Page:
How do you deal with people that think Scrum is a waste of time
About 2 months I've been named the ScrumMaster of a team of 6 people. I since struggle to find ways to improve the agile process and help my colleagues to better organize their work.
First, they all think that Scrum is nothing that a lost of time. To quote one of my colleagues "We loose time with all these meetings and the code does not write by itself".
We commonly agreed to have a daily standup meeting in the morning. I noticed they feel forced to attend. Even if I told them that the main purpose of the meeting is to inform the rest of the team about the status of the sprint so that we can make adjustments, they see it like a session where they report everything to me.
They think everyone knows exactly what needs to be done and there is no need for any kind of meetings. All my colleagues are seniors (they have over 15 years experience in SW Development). On the other hand, I am 25 and joined the company about 1 year ago, hence the lack of authority (or let's say it professional respect) among them.
Planning sessions? Sprint restrospectives? No way they would agree.
I could "force" them to attend to retrospective meetings as I have the full support of the SW Dev Manager, but what's the point if I would be the only one talking?
What do you advise me to do?
Two things pop in my head when i read your post.
"Respect has to be earned" and "servant leader to a self organizing team"
As a scrum master you are not required to be at the daily scrum; the scrum master only needs to make sure that it happens. Additionally, the daily scrum is not a status meeting. Figure out what the team finds useful in the dailies and do more of it. Figure out what the team doesnt find useful and do less. In general, the team wants to be more forward looking. So more "Today I will be..." and less "yesterday I".
As a scrum master you should identify when the team is talking to you during the dailies and let them know that they should be instead speaking to the development team. Additionally you may find it helpful to attend but not speak (this could take a lot of self control) and only bring up suggestions for change at the retrospectives or in an email sometime after the daily ends.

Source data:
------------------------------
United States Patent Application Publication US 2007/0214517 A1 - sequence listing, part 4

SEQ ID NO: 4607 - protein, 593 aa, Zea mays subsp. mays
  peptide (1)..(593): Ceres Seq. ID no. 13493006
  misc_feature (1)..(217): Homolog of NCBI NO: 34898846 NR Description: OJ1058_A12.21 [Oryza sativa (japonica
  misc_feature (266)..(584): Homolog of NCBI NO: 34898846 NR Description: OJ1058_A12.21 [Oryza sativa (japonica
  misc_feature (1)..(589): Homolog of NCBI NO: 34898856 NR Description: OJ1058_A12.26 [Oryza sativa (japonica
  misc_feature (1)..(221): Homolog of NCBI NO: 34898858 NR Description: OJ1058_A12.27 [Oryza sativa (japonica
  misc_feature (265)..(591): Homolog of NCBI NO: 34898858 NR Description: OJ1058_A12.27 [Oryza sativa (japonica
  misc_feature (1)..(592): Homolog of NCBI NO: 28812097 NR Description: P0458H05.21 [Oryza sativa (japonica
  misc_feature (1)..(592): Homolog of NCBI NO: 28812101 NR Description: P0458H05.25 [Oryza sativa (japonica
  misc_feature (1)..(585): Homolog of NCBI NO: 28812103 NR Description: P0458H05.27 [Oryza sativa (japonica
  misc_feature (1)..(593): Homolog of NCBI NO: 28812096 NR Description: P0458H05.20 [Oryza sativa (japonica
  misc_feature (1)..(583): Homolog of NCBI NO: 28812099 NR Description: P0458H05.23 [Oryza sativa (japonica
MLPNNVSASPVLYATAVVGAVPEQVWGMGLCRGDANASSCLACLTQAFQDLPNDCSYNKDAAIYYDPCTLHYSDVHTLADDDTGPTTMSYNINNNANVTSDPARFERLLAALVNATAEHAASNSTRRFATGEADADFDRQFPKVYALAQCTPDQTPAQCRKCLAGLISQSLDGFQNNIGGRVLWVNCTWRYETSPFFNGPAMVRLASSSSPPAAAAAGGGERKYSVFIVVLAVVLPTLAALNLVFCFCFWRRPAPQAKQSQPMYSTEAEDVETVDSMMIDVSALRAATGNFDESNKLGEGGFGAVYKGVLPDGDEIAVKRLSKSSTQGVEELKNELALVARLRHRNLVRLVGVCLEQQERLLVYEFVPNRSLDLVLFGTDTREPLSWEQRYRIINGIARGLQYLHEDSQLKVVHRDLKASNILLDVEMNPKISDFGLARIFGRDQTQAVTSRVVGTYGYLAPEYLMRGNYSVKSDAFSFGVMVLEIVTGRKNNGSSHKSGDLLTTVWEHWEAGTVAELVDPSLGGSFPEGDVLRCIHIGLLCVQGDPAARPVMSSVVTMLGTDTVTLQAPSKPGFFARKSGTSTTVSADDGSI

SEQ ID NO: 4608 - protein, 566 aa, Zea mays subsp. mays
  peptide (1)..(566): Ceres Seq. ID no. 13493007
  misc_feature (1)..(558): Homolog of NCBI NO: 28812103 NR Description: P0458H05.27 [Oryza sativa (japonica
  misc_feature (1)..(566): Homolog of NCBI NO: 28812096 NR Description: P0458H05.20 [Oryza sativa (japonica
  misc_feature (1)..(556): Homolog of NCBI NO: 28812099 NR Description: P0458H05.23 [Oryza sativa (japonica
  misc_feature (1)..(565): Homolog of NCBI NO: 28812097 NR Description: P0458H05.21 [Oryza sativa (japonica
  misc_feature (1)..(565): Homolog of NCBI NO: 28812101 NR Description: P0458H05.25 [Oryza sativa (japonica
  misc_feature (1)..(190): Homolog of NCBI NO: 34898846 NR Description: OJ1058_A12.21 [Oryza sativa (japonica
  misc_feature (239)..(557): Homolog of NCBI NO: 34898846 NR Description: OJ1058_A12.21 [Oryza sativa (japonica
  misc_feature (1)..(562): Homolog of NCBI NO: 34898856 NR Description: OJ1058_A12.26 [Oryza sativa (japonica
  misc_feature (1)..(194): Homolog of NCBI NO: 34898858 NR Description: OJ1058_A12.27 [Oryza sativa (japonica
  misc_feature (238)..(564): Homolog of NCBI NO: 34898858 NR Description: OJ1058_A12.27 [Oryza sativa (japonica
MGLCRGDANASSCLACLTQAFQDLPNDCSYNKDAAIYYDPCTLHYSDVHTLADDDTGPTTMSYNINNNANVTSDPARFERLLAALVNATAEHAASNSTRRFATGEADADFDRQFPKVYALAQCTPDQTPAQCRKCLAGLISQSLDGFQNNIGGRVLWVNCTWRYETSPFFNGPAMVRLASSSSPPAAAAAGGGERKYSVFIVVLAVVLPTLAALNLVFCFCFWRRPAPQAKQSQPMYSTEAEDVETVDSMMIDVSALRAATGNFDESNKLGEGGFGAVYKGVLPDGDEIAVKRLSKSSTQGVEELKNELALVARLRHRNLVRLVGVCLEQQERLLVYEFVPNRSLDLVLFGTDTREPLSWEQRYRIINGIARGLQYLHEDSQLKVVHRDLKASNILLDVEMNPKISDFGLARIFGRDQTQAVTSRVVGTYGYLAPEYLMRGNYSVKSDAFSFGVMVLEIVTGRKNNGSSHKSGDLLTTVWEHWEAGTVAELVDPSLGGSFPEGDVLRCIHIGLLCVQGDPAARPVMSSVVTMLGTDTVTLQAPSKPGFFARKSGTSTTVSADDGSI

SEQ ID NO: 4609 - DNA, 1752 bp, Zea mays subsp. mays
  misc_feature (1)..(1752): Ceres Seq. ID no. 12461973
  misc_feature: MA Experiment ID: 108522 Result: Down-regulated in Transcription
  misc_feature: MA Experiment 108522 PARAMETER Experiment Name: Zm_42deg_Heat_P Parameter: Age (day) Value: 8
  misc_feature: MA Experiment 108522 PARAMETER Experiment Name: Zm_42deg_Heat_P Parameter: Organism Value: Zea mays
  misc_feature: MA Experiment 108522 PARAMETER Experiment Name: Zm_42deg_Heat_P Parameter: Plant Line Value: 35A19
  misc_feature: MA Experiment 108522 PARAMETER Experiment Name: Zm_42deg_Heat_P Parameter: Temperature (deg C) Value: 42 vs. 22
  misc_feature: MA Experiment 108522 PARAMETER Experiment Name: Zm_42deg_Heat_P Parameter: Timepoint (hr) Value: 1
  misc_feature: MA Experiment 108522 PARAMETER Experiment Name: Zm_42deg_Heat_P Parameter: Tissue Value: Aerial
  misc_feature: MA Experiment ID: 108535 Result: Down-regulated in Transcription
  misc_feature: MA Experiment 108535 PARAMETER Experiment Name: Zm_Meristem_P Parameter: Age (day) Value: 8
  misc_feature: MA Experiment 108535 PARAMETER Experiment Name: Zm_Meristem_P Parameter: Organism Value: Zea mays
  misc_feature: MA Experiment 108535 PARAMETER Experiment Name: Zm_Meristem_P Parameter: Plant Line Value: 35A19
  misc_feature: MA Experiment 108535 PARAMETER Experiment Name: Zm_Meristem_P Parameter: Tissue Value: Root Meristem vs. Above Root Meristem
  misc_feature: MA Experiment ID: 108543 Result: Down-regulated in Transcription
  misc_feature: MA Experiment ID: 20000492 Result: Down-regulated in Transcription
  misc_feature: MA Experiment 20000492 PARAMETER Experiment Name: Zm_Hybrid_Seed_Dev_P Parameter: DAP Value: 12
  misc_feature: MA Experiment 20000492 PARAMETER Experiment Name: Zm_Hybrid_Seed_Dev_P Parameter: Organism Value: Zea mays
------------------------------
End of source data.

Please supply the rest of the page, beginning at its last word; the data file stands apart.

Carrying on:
> I since struggle to find ways to improve the agile process and help my colleagues to better organize their work.
Identify specific problems and inefficiencies you are trying to improve on. This will make the value of the change more visible to everyone.
Presumably Scrum is being introduced to solve a problem. Are the team producing regular increments of value? If they aren't then you need to do two things:
1) Find out whether or not Product Ownership is clear and is exerting good pull. If Product Ownership is weak, then you or your own managers need to solve that problem first.
2) Next, ask the team for their solution. What is their plan for delivering regular increments of value to the Product Owner, if they aren't intending to follow Scrum?
If these matters are already sorted out, and value is indeed being delivered satisfactorily on an ongoing basis, then the focus should shift to optimization. You need to start gathering metrics, and ask the team how they plan to make further improvements. If they aren't doing Scrum, what other method are they intending to use so they can inspect and adapt?
Just wondering how the situation is going for you now, and how you were able to overcome any of the problems. I am advocating for Scrum now but am receiving the same types of responses.
They are probably right, but can they suggest a better way of dealing with team work? If we are working individually and works get tossed over the fence, we probably do not need to meet that often.
I would probably send the whole team to Professional Scrum Foundations course to get them understand the values behind each of these meetings/events.
It sounds to me that the decision to use Scrum was made by management. That would be the perfect recipe for disaster IMO.
First I would discuss and have the team and stakeholders understand the kind of problems that we want to solve. Are we not delivering enough value, is the product of low quality?
Second, ask the team if they are willing to give Scrum a serious try as a way to help solve these issues. If not, abort.
Third, take a PSF or other agile course as Joshua suggests.
Four, decide working agreement, team collaboration exercises to help build a solid team.
Perhaps the word “scrum” is a bit too confronting for most people. Sometimes I get the feeling that because scrum is so popular, people are trying to find ways to prove that scrum is a waste of time without knowing the underlying value of scrum and what it provides.
I always tell them to forget scrum for a minute and let’s talk purely about software development and management best practices.
- Do we believe in writing unit tests?
- Do we believe in helping each and working together in order to produce better code?
- Do we believe that it’s a waste of time to write detailed documents and eventually build it wrongly and get the blame?
- Do we believe in keeping the communication with our clients short, so that we get feedback earlier and build it correctly?
- Etc. etc.
It’s about the “best practice rules” that are embedded in scrum for us to adapt so that companies are enabled to become more agile.